Our heroes must employ the unique skills they possess and must work together to defeat the insidious Mr. Curtain who plans to take over the world.


An excellent book for the target age group, The Mysterious Benedict Society would be a great read aloud book for both parents and children.  It provides good fun and adventure, and there are more:  The Mysterious Benedict Society and the Perilous Journey and The Mysterious Benedict Society and the Prisoner's Dilemma.


Other Reviews:  Framed and Booked, Remarkable Reads, Madigan Reads


Fiction.  Adventure.  2007.  486 pages.

Murder at Beechlands by Maureen Sarsfield

Murder at Beechlands didn't do too much for me--even though I love the cover.  It took me forever to read it, and I must have read 3 or 4 books in between beginning and finishing this one.

I left it at the table outside where I often sit and read, but it dragged.  And dragged. Still, I wanted to know who did it, so I read other books, but kept going back and spending a little time with this one.


Here is the synopsis form Powell's Books:

Inspector Lane Parry of Scotland Yard finds himself on a busman's holiday when he forced to take refuge from a heavy snowstorm in a country hotel while traveling in Sussex in January 1948. At first, he mistakes the guests for inmates in a lunatic asylum until the body of Wing Commander Lawton (Lawty) Lawrence is found in the snow. First pubished in 1948 in the U.K. as A Party for None and in the U.S. as A Party for Lawty. It is the second book of the Parry duet. The first, Murder at Shots Hall, is also available from TheRue Morgue Press.


Fiction.  Country House Mystery.  Original publ. date, 1948.  187 pages.

Saturday, October 15, 2011

Previous R.I.P. Reads

I've tried to corral some of my previous R.I.P. Challenge books.  They are in no particular order.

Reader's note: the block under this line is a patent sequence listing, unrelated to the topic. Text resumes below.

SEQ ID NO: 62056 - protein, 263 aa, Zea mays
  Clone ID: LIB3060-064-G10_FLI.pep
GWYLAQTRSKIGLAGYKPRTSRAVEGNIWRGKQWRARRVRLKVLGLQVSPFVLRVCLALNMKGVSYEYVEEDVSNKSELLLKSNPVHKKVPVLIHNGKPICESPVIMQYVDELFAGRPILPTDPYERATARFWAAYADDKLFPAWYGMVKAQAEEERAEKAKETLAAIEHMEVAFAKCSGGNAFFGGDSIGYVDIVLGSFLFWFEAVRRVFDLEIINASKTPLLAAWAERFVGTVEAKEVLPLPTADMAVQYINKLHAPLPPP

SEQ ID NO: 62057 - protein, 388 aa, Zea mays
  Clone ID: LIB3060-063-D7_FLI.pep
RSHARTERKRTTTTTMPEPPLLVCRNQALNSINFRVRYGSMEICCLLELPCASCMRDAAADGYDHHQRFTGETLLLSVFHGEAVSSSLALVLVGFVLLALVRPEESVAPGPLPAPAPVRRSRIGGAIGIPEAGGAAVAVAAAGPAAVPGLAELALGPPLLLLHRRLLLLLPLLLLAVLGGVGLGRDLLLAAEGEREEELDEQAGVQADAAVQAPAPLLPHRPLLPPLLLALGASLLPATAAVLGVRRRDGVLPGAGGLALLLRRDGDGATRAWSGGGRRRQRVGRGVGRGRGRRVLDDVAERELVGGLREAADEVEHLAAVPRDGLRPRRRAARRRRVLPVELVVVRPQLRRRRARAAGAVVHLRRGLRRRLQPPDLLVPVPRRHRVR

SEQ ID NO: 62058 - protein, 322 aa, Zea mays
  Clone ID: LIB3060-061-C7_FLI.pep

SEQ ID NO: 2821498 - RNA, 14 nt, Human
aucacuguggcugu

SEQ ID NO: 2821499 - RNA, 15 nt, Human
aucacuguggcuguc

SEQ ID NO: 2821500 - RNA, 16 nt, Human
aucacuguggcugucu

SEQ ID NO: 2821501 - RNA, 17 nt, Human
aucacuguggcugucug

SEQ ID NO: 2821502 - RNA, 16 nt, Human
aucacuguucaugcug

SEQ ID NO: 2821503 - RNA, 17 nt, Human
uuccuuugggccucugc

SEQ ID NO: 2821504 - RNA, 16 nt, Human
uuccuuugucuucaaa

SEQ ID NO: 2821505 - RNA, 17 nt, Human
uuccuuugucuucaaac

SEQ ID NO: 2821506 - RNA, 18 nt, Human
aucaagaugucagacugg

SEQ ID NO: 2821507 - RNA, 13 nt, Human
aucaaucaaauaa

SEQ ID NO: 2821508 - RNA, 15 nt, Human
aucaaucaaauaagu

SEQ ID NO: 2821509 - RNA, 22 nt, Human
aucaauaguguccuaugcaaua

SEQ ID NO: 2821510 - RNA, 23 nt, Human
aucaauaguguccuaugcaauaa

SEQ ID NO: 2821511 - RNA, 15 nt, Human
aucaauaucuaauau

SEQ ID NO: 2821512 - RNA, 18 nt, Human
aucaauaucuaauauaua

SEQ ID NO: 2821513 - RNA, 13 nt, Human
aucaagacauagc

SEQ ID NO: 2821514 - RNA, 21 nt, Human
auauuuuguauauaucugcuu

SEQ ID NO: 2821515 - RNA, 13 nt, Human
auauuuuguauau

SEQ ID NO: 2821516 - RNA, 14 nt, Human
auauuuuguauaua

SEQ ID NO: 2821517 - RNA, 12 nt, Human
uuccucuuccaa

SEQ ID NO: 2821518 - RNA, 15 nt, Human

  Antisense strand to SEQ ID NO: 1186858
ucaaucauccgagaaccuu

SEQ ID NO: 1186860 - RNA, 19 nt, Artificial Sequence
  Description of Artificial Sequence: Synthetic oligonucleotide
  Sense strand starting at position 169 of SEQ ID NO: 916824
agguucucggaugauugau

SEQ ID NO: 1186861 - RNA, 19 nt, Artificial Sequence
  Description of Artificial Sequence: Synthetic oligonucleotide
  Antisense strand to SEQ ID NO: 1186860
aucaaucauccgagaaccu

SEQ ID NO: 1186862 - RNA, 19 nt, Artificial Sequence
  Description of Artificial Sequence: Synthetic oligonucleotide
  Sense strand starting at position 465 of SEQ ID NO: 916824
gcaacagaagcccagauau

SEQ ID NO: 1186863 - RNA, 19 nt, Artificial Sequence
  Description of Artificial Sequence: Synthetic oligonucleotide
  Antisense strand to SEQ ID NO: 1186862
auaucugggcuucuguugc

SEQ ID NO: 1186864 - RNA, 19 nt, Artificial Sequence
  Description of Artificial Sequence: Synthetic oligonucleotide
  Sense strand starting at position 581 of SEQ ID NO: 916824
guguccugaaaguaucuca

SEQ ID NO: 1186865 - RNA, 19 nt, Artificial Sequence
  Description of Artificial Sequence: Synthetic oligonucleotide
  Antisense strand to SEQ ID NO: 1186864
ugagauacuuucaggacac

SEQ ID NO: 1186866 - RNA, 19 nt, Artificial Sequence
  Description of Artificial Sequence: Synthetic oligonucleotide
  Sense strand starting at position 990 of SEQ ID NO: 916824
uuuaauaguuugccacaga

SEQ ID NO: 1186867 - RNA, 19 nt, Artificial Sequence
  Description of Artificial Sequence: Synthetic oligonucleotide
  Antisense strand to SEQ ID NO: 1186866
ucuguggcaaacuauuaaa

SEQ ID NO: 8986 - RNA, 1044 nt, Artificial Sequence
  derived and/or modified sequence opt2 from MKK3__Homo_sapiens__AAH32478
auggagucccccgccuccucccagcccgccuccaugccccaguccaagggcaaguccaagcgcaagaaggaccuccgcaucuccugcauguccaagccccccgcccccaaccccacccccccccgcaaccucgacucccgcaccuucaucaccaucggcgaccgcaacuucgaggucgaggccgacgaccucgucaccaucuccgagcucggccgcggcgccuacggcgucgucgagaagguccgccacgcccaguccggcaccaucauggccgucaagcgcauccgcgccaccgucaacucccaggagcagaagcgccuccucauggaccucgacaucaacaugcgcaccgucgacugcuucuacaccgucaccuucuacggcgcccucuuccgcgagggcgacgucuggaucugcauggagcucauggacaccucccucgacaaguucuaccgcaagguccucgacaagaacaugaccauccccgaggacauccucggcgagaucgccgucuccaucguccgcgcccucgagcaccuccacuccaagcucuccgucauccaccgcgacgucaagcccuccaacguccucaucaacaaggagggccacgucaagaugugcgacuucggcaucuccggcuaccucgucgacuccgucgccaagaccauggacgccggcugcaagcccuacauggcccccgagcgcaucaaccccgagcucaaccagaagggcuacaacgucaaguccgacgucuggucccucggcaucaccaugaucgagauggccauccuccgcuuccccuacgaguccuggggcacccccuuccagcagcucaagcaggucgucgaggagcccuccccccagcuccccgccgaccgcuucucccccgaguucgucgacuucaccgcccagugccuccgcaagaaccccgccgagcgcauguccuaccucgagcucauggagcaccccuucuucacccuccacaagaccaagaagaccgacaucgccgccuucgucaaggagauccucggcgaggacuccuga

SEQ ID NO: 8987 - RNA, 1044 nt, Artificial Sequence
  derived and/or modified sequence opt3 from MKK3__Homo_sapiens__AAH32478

Lolly Willowes by Sylvia Townsend Warner
The House on the Borderland by William Hope Hodgson
The Haunted Hotel by Wilkie Collins
The Wyvern Mystery by J. Sheridan Le Fanu
Death in the Garden by Elizabeth Ironsides
The Woman in White by Wilkie Collins (a reread, and just as good as the first time)
The Thirteenth Tale by Diane Setterfield
The Woman in Black by Susan Hill
The Keep by Jennifer Egan
A Coldness in the Blood by Fred Saberhagen

Grave Sight by Charlaine Harris
The Loving Huntsmen by Sylvia Townsend Warner
Season of the Witch by Natasha Mostert
The last Apprentice by Joseph Delaney
The Moonstone by Wilkie Collins (another reread)
New Moon by Stephanie Meyer
A Great and Terrible Beauty by Libba Bray
Ghostwalk by Rebecca Stott
Dissolution by C.J. Sansom
The Sisters Grimm Book One by Michael Buckley

Renfield: Slave of Dracula by Barbara Hambly
Homebody by Orson Scott Card
Rebel Angels by Libba Bray
Bat Wings by Sax Rohmer
Souless by Gail Carriger
The Return of Dr. Fu-Manchu by Sax Rohmer
The Society of S by Susan Hubbard
The Blackstone Key by Rose Melikan
The Little Stranger by Sarah Waters
I Am Legend by Richard Matheson

Dark Celebration by Christine Feehan
Four and Twenty Blackbirds by Cherie Priest
Shakespeare Undead by Lori Handeland
The Haunted Abbot by Peter Tremayne
The Insidious Dr. Fu-Manchu by Sax Rohmer

I had to really hunt for these because I didn't label all of them as R.I.P. books. Some were excellent, some were not.  This year I'd already read a lot of Gothic or Supernatural books that I should have saved for the challenge. I'll add this years books to the list when the challenge is over.

Thursday, October 13, 2011

Secret of the White Rose by Stefanie Pinthoff

The Secret of the White Rose is the third in Pinthoff's series about Simon Ziele.  Somehow, I missed the second in this series and will have to go back and pick it up.

Set in the early 1900's, the novel mixes detective work and psychology.  Simon Ziele, a police detective, became involved with Alistair Sinclair, a law professor and criminologist, in the first book in the series In the Shadow of Gotham.